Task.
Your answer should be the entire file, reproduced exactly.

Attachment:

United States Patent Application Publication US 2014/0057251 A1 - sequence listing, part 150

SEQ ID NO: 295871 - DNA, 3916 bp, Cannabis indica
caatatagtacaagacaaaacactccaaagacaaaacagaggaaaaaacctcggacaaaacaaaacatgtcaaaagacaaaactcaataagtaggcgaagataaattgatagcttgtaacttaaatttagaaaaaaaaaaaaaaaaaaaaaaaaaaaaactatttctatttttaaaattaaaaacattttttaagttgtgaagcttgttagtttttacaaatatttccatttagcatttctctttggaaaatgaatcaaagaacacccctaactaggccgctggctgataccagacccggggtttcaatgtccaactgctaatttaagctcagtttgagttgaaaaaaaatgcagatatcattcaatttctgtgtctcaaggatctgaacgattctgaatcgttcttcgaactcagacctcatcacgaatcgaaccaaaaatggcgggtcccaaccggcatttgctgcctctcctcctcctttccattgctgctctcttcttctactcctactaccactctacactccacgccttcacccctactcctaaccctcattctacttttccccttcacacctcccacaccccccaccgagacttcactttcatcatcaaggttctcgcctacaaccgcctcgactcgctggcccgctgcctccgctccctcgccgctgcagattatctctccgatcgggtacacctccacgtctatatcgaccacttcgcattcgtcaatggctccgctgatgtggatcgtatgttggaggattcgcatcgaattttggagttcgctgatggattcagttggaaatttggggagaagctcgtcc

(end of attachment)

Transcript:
United States Patent Application Publication US 2014/0057251 A1 - sequence listing, part 150

SEQ ID NO: 295871 - DNA, 3916 bp, Cannabis indica
caatatagtacaagacaaaacactccaaagacaaaacagaggaaaaaacctcggacaaaacaaaacatgtcaaaagacaaaactcaataagtaggcgaagataaattgatagcttgtaacttaaatttagaaaaaaaaaaaaaaaaaaaaaaaaaaaaactatttctatttttaaaattaaaaacattttttaagttgtgaagcttgttagtttttacaaatatttccatttagcatttctctttggaaaatgaatcaaagaacacccctaactaggccgctggctgataccagacccggggtttcaatgtccaactgctaatttaagctcagtttgagttgaaaaaaaatgcagatatcattcaatttctgtgtctcaaggatctgaacgattctgaatcgttcttcgaactcagacctcatcacgaatcgaaccaaaaatggcgggtcccaaccggcatttgctgcctctcctcctcctttccattgctgctctcttcttctactcctactaccactctacactccacgccttcacccctactcctaaccctcattctacttttccccttcacacctcccacaccccccaccgagacttcactttcatcatcaaggttctcgcctacaaccgcctcgactcgctggcccgctgcctccgctccctcgccgctgcagattatctctccgatcgggtacacctccacgtctatatcgaccacttcgcattcgtcaatggctccgctgatgtggatcgtatgttggaggattcgcatcgaattttggagttcgctgatggattcagttggaaatttggggagaagctcgtcc